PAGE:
Patrolman James P. Lewis

Patrolman James P. Lewis

San Diego Police Department, California

End of Watch Tuesday, December 29, 1970

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James P. Lewis

Patrolman James Lewis was shot and killed while off duty when identified himself as a police officer.

He and two other officers had gone to a bar at 3048 Midway Drive when they noticed several individuals giving the doorman a hard time. Patrolman Lewis identified himself as an officer and escorted the men to their car to get identification. Instead, one of the men produced a handgun and shot Patrolman Lewis. Although mortally wounded, he was able to return fire, striking the vehicle twice.

The bullet holes in the car helped identify the suspects when the car was found later eight blocks from a motel where they were arrested. Two Michigan brothers with long criminal records in and around Detroit were apprehended. On February 10, 1971, in the county jail, the 22-year-old along with another prisoner strangled to death a notorious California serial killer known as the "Candle Light Killer." On April 24, 1971, he was convicted of second-degree murder and two counts of armed robbery, and sentenced to life. Two months later he was convicted of the serial killer's murder and sentenced to another life term. His brother was convicted of accessory to murder and sentenced to one to five years.

Patrolman Lewis had served with the San Diego Police Department for two years. He was survived by his wife and daughter.


  • Age 23
  • Tour 2 years
  • Badge 995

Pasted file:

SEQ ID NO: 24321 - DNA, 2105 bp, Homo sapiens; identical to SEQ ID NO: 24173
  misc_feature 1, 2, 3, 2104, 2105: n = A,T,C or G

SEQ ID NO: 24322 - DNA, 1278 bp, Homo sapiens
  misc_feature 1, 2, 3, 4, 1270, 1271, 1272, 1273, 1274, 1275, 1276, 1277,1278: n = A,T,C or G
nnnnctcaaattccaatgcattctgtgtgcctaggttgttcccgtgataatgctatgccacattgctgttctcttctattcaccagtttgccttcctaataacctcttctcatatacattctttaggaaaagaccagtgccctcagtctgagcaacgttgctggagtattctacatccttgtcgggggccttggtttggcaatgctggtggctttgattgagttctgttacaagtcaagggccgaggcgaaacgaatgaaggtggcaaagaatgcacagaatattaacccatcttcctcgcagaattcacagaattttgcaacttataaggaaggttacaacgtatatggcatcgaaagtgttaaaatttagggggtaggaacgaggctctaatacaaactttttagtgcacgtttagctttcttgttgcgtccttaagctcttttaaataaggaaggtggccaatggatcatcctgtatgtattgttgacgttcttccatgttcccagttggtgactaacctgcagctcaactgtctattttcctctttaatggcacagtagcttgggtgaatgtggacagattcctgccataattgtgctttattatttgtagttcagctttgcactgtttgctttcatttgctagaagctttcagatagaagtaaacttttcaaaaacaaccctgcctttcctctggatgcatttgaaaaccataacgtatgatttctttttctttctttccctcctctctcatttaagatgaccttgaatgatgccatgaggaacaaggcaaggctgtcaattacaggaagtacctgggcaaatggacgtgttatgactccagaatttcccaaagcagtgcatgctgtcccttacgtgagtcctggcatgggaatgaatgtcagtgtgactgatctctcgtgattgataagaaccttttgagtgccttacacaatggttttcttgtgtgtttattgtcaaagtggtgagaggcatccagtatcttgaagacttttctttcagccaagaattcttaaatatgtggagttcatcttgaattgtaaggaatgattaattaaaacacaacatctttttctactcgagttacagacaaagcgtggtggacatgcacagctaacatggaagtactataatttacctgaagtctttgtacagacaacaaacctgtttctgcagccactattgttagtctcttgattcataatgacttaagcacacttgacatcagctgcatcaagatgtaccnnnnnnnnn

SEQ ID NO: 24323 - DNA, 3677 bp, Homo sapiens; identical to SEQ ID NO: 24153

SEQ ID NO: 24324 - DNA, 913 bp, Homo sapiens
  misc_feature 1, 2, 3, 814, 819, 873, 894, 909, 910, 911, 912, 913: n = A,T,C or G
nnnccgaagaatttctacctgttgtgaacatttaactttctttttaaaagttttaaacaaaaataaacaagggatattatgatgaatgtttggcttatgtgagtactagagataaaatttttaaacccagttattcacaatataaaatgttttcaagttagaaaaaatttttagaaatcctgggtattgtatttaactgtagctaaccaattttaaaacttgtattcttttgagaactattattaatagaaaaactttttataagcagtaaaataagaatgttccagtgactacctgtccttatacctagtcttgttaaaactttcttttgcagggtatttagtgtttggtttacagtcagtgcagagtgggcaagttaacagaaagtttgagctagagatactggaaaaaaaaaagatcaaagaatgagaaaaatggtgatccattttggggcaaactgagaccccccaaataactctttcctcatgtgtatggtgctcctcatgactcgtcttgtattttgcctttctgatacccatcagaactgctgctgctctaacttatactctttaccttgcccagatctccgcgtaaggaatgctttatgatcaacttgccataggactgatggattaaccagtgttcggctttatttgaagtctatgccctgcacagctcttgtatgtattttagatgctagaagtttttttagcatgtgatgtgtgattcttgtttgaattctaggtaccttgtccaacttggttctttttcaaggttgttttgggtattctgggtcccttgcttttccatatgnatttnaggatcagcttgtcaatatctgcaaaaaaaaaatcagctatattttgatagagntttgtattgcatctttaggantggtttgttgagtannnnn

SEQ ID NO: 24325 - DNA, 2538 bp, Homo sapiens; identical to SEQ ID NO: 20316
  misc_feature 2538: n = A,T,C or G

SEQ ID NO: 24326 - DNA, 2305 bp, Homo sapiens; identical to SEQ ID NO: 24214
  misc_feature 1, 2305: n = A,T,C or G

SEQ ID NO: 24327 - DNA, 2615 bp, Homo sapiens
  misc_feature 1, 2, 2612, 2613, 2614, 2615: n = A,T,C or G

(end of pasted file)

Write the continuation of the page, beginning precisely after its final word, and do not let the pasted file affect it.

Incident Details

  • Cause Gunfire
  • Weapon Handgun
  • Offender Sentenced to life

disorderly, off duty

Most Recent Reflection

View all 15 Reflections

To the family, friends, and fellow officers who served with Patrolman ‘Pat’ Lewis,
Please know others have not forgotten Pat, (aka ‘Red’ to me and my co-workers) and his dedication and sacrifice for the citizens of San Diego. His exuberance for life, great sense of humor, love for family and friends, and his passionate dedication to Law Enforcement are remembered, and should be celebrated, always. In memory of his service and due to the desire to see justice served, a few years after Pat passed, I moved to the East Coast, and graduated from a Police Academy there as one of the first female police officers in the United States. I later became a mother and a teacher and told the many thousands of students I have had over the years the story of ‘Red’ - his dedication and ultimate sacrifice -and that they should respect Law Enforcement Officers and recognize the sacrifices made by all Police Officers and their families.
Truly, he is not forgotten and remains an inspiration always.

Sandra Witham
Friend (and former V.B.P.D. Officer)

February 6, 2021

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